'Resurrection of Christ' by Rottenhammer via Wikimedia Commons

A Problem of Knowledge

The talk addressed to the New York community on October 17, 1999, for the CL Beginning Day. The resumption of an educational path in the heart of America. The Christian claim, an exhaustive answer to the original needs of the heart.
Lorenzo Albacete

I have found among my friends at the New York Times, Public Broadcasting Service, The New Republic, New Yorker, and the "Lefty Salon" a great commitment to causes that span all areas of human experience. They are seen as "moral" imperatives. One can say that these people are part of a "movement," in that they are "moved" to undertake these causes. Yet, when you seek to discover the origins of the movement, the origins of their commitment and engagement with these causes, you find no "ultimate reason" for it, no appeal to a coherent "totality" that would justify the movement as worthwhile for everyone. It seems to be movement for its own sake, commitment for its own sake. Morality exists within the commitment, within the particular causes, but it is not tied to a totality. This is, of course, moralism: "value" is detached from truth; affectivity is uprooted from any notion of transcendent truth. (…) The tragedy of this situation is precisely the losing struggle to sustain the experience of the self, of existence as persons, by means of commitments and engagements with life ("action" is how the self expresses itself and constitutes itself) but not allowing these to have any relation to an over-all experience of totality judged by a reason allowed its maximum horizon. The end result is a great sadness, a melancholy, discernible even in the midst of a frenetic activism. In order to fight this sadness, one can go all the way and deny that there is a meaning to anything. This is what is called "post-modernity," but most of the people I have met refuse to go that far. I guess they hope to be so occupied with partial causes, cutting-off reason's questions when they begin to touch the Absolute, and training themselves to accept their unhappiness as the price of realism or maturity. (Is this the Chernobyl man of Fr. Giussani?) This bleeding or mortal weakness of the "I" manifests itself in all the areas where the "I" seeks to express itself totally, according to all its energies and exigencies, for example, in the area of human relations, especially marriage and sexuality (where this alienation structures itself socially); in the area of work (where this alienation structures itself economically); and in the face of suffering and death. We have been dealing with this situation in our itinerary of reflection of the past few years. In In Search of the Human Face we studied this bleeding of the "I," this neglect of the "I," as it was called, in our culture. In The Religious Sense we have been learning how to judge this situation, insisting that it is a distortion in our way of grasping reality, a problem in the level of knowledge. Fr. Giussani has also insisted on this recently in his lessons about our fragility, that is, when we keep falling into this situation inspite of our initial experience of liberation through communion in the Movement. In La Thuile this summer, we studied how this fragility is a flaw at the level of knowledge, and not of feeling nor of moral weakness. (…)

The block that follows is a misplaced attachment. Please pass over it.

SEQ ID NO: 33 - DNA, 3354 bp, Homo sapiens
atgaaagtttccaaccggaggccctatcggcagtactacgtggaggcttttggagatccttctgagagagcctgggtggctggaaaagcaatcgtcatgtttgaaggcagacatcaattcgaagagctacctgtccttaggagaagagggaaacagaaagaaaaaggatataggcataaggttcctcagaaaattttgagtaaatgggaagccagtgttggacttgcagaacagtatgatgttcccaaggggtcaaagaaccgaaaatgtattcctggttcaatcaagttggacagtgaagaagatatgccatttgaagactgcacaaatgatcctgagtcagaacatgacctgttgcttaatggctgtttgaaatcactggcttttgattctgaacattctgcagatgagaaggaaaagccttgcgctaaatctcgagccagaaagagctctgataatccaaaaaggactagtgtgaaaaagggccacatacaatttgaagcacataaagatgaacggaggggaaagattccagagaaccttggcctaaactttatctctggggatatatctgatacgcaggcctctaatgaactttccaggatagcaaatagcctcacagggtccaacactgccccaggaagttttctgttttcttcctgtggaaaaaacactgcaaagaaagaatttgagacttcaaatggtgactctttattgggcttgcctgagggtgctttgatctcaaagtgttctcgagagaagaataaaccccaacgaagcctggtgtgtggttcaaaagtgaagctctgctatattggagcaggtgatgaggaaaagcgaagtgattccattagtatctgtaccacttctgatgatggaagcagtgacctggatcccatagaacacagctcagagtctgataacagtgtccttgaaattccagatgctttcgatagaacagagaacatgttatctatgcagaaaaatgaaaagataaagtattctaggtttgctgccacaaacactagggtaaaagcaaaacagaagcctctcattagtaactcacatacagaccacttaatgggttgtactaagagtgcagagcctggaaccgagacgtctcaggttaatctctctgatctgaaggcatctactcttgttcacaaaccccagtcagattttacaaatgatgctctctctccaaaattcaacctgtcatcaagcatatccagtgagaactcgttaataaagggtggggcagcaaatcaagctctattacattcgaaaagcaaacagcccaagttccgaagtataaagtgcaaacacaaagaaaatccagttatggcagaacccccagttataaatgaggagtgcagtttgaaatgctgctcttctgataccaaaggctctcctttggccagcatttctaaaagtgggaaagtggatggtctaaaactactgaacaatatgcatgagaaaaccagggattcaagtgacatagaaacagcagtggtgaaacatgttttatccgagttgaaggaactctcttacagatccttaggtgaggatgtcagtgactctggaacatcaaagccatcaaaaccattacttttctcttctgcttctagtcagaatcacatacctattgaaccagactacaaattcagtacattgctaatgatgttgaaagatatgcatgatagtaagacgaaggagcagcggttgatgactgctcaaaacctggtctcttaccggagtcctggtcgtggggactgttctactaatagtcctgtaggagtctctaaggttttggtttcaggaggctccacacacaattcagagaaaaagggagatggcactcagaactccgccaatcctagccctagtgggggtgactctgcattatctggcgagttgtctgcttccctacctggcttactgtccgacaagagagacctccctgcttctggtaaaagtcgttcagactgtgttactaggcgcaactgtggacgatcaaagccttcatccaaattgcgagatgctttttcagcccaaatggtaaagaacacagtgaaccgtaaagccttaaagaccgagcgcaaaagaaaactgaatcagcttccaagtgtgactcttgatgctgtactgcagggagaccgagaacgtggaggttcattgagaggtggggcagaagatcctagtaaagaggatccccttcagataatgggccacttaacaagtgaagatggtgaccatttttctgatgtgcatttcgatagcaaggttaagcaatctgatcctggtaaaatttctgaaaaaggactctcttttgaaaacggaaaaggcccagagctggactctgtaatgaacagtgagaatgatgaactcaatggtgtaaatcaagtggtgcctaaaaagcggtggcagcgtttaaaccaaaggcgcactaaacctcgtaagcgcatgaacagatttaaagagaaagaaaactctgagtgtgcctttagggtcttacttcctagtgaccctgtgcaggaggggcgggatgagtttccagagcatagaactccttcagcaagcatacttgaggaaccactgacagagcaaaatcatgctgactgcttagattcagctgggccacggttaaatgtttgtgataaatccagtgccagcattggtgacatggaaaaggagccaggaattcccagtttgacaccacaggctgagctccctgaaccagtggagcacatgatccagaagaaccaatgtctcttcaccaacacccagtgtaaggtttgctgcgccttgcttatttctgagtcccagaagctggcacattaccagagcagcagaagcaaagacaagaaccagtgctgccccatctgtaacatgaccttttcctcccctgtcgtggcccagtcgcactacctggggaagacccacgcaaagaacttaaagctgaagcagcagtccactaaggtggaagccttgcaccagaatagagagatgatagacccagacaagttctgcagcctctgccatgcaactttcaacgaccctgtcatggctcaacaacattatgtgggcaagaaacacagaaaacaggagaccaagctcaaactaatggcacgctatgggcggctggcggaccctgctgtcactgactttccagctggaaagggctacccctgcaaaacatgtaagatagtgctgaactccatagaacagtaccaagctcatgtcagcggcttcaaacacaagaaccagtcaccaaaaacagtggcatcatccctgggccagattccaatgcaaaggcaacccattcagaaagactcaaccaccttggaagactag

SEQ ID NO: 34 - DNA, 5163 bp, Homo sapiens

How to escape this fate? If the situation arises from the experience of Mystery as the radically unknown, then one can only escape it through knowledge of the Mystery. The Mystery must-so to speak-make itself known. If life has become a dream, we can only be awakened by an experience of the Mystery that doesn't originate in our initiative; that is, by the revelation of the Mystery, by an encounter with the Mystery in which it reveals its solidarity with our quest and its correspondence with our original needs and exigencies, including that of reason itself, indeed, especially those of reason understood as our capacity to grasp the ultimate meaning of the totality of life. The solution to our impasse is the experience of an encounter with the Incarnation of the Mystery, an encounter with Jesus Christ. Only this can ensure confidence in our capacity to grasp the real according to the totality of its factors and in this way sustain our commitments and our quest by knowledge of the real, and not by a rootless tenderness or goodness. Flannery O'Connor said it bluntly: the root of human tenderness is the person of Christ; detached from Christ our tenderness leads to despair and violence.